Right around the time you receive this newsletter, we’ll all be hearing what the Fed decided to do with the Fed Funds Rate at its December Meeting. The Fed Funds Rate is the overnight interest rate financial institutions charge each other for the use of excess deposits at the Federal Reserve. Metro is currently earning between 0.00% and 0.25% from the Fed on our excess deposits, and it is the Fed Funds Rate that sets the benchmark for short-term rates at financial institutions.
Most economists and market experts are anticipating the Fed will increase rates in December. If that does occur, what is likely to happen at Metro? The answer to that question depends on how much the Fed moves rates, and what the Fed says about the likelihood and pace of future rate moves. The answer also depends on how consumers react to increases in rates. But, there are some things we know are likely to occur when the Fed begins to move rates up.
While Fed interest rate moves are intended to influence borrowing rates, deposit rates are also affected. Initially, you will likely see a near immediate increase in interest rates on what are considered to be “rate sensitive deposits”, like money market accounts and certificates of deposits. Increased rates on other depository accounts like savings accounts and checking accounts will be slower, and are not likely to include as much of the Fed Funds increase as money markets and CDs.
After money market and CD rates go up, you will also begin to see an increase in interest rates on loans, but this is where things begin to get a little less certain. Financial institutions make their money on the “spread” between the rates paid for deposits and the rates charged for loans. So, when deposit rates go up (which is what will occur when the Fed moves the Fed Funds Rate), interest rates on loans will go up as well. However, normally the Fed increases the overnight rate in an attempt to mitigate inflation that can occur when the economy is growing at a much faster pace. Today, there are conflicting inflationary indicators, and few would describe the economy as growing rapidly.
Most financial institutions currently have an excess of liquidity, meaning more deposits on hand than demand for loans. If higher loan rates cause a further weakening in demand for loans, then a smaller portion of Fed Funds Rate increases will be reflected in rates paid to depositors at financial institutions. The best case scenario for depositors is for the economy to grow at a faster pace. Stronger economic growth will result in more demand for loans and borrowers willing to pay higher interest rates for money. This, in turn, will result in a greater portion of Fed Funds Rate increases being passed on to depositors.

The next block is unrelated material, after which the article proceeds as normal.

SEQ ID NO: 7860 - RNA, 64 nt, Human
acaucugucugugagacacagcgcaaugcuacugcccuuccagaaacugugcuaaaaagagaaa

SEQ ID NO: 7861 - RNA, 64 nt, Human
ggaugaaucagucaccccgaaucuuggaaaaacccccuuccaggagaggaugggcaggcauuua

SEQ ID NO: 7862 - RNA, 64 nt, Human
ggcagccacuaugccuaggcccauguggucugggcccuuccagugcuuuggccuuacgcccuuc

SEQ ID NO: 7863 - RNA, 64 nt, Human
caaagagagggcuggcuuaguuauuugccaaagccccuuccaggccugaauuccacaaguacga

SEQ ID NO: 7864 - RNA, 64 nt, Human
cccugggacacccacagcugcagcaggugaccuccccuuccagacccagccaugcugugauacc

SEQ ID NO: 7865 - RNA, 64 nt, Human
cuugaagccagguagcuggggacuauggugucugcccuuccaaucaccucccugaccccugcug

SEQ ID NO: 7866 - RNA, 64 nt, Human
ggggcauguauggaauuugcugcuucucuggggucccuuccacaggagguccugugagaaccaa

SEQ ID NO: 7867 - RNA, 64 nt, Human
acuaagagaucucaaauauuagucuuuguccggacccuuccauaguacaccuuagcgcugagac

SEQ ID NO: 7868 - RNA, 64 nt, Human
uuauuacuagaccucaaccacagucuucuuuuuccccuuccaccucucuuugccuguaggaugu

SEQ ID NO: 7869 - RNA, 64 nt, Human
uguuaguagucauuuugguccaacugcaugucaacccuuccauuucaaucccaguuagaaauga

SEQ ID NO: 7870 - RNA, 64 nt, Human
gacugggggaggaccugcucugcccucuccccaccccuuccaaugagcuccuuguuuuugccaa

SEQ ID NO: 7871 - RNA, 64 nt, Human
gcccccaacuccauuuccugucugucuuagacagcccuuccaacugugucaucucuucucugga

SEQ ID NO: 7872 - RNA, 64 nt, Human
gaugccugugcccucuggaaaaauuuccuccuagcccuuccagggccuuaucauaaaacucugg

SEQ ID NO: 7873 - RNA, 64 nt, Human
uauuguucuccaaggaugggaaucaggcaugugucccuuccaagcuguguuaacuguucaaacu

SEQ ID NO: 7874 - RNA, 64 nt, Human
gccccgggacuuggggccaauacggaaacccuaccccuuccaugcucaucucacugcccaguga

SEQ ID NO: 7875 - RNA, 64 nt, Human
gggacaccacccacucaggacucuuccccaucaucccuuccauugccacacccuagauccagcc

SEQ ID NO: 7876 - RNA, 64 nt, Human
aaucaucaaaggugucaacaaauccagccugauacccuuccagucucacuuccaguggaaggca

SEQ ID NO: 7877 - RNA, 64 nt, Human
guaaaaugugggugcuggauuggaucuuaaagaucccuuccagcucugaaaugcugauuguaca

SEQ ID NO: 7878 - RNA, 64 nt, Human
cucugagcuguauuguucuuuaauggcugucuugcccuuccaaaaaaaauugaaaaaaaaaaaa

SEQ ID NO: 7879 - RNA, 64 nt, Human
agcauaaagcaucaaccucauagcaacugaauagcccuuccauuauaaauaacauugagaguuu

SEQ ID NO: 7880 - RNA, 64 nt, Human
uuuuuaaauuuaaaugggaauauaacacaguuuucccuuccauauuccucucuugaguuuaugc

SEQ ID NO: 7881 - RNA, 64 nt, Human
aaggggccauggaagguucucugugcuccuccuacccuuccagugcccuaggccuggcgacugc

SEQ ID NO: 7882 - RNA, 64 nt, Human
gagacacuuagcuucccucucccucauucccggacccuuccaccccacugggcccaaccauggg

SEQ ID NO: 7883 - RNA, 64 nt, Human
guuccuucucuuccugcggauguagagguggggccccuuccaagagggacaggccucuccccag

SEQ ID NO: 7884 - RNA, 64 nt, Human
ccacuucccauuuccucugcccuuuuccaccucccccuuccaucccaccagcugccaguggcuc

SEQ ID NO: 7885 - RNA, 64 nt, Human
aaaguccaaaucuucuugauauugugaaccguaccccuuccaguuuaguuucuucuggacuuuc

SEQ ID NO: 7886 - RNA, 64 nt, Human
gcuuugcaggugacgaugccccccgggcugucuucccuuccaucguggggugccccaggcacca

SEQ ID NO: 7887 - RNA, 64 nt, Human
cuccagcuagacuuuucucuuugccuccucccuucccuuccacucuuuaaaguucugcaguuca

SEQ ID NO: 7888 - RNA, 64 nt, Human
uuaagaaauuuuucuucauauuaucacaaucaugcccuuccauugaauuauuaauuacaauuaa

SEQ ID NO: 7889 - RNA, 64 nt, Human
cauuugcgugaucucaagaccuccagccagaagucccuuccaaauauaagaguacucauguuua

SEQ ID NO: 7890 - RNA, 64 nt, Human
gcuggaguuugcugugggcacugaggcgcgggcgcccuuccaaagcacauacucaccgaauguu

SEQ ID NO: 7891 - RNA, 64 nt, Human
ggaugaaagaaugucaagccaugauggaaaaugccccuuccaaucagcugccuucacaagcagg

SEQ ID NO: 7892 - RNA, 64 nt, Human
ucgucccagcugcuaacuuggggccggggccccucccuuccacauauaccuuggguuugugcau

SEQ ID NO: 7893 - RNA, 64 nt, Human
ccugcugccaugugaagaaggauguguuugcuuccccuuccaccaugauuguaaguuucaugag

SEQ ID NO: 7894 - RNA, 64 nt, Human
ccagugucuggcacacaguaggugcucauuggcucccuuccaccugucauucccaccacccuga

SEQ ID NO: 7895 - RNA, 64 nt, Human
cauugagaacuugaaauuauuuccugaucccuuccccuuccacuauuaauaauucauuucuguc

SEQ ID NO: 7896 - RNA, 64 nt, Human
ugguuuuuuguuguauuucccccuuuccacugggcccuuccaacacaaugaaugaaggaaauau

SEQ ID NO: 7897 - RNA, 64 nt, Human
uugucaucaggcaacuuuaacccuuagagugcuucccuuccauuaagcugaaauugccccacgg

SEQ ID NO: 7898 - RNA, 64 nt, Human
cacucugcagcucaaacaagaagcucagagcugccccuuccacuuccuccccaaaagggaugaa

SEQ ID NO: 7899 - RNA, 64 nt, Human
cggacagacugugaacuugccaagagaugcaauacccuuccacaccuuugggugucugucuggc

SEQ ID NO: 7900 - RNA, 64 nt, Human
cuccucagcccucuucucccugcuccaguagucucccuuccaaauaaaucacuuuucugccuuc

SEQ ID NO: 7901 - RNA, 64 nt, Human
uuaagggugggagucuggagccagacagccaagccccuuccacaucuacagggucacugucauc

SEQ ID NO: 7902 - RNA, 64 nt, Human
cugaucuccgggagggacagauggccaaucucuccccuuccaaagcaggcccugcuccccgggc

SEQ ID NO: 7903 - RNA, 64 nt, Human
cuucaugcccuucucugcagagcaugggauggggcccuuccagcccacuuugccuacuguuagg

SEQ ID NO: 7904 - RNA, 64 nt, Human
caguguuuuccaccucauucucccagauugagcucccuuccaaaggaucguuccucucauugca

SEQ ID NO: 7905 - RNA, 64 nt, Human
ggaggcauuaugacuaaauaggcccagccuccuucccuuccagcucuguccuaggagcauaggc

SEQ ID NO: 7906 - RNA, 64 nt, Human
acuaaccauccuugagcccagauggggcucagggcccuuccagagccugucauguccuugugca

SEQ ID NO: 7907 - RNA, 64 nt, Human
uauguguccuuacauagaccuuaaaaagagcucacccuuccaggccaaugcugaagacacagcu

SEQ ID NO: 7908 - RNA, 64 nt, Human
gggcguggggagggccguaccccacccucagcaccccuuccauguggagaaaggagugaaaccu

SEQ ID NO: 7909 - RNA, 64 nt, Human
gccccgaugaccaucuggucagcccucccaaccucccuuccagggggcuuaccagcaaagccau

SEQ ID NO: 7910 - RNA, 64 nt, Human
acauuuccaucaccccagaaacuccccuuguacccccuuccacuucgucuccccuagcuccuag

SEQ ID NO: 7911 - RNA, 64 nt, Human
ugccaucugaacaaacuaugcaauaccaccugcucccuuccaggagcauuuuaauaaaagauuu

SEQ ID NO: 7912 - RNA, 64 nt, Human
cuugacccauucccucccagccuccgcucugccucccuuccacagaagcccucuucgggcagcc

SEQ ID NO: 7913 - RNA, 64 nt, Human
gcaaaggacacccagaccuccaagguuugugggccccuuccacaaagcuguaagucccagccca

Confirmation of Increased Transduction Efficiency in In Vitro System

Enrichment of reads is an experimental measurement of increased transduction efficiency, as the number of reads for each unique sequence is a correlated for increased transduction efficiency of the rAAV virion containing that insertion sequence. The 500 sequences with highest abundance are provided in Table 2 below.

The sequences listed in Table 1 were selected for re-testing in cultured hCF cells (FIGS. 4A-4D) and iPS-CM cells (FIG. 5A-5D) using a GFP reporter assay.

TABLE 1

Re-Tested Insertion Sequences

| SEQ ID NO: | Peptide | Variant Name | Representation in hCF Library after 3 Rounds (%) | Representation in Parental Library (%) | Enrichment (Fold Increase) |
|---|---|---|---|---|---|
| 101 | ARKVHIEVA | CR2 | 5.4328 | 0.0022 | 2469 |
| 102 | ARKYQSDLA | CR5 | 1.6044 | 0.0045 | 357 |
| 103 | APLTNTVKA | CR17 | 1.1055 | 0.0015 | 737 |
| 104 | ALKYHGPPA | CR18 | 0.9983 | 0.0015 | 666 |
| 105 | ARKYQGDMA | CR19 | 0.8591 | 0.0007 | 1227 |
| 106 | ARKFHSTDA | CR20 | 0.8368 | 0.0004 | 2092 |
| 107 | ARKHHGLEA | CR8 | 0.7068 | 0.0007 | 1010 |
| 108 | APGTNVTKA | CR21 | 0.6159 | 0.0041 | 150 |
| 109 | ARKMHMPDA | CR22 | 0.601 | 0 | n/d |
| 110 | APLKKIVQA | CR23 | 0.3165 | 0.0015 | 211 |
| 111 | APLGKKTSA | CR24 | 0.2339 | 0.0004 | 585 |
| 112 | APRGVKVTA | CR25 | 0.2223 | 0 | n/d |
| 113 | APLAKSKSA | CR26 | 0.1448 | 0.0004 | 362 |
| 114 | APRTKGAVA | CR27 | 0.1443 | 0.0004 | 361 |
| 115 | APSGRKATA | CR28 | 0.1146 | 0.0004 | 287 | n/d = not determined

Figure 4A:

It should also be noted that increases in the Fed Funds Rate do not necessarily translate into increases in longer term loan rates, like mortgage loans. Long-term rates are more impacted by investor expectations of future inflation than short-term Fed moves. As a result, it is difficult to predict how much impact Fed Funds Rate moves will have on 30-year mortgage rates. Another problem today is, no one knows how the economy will react to increases in the overnight rate, because we’ve never had rates this low for this long, and we’ve never seen Fed Funds Rates increased without stronger growth in the economy.
Over the past several years, Metro has managed our loan portfolio very conservatively. So, regardless of whether interest rates increase quickly or slowly, Metro is extremely well positioned to react and offer attractive rates to both depositors and borrowers. Not all financial institutions will have the same degree of flexibility in adjusting deposit interest rates up because they took on too much interest rate risk.
Interest Rate Risk occurs when a financial institution has a mismatch between the terms of deposits versus loans. For example, if an institution is paying 1.00% interest on 36 month CDs, and charging 3.00% interest on 60 month car loans, the 2.00% spread is pretty low, but there isn’t much Interest Rate Risk because the terms of the deposits and loans are pretty close. However, an institution that is paying 1.00% on 36 months CDs can make more money by booking 30 year mortgage loans at 4.00%, but to pick up the extra spread they are taking on much more Interest Rate Risk. The extra 1.00% spread they earned by booking 30 year mortgage loans instead of 3.00% car loans will deteriorate pretty rapidly when rates go up. If the market rate for 36 month CDs goes from 1.00% to 4.00%, depositors will expect to receive that rate. At the same time, no borrowers who received the 4.00% rate on a 30 year mortgage will feel bad for the institution and offer to increase the interest rate they are paying on their home loan.
Over the past six years, Metro has operated successfully booking short-term loan and managing our balance sheet to avoided taking on Interest Rate Risk. Today, Metro has one half of the long-term, fixed rate loans as a percentage of total loans when compared to the Industry. This means as market rates do go up, we can afford to increase deposit rates because our loan rates will go up proportionately.
Because Metro is owned by our members, we value those members who deposit money as much as those members who borrow money. As we move into this period of rising interest rates, we are positioned to meet the needs of both groups.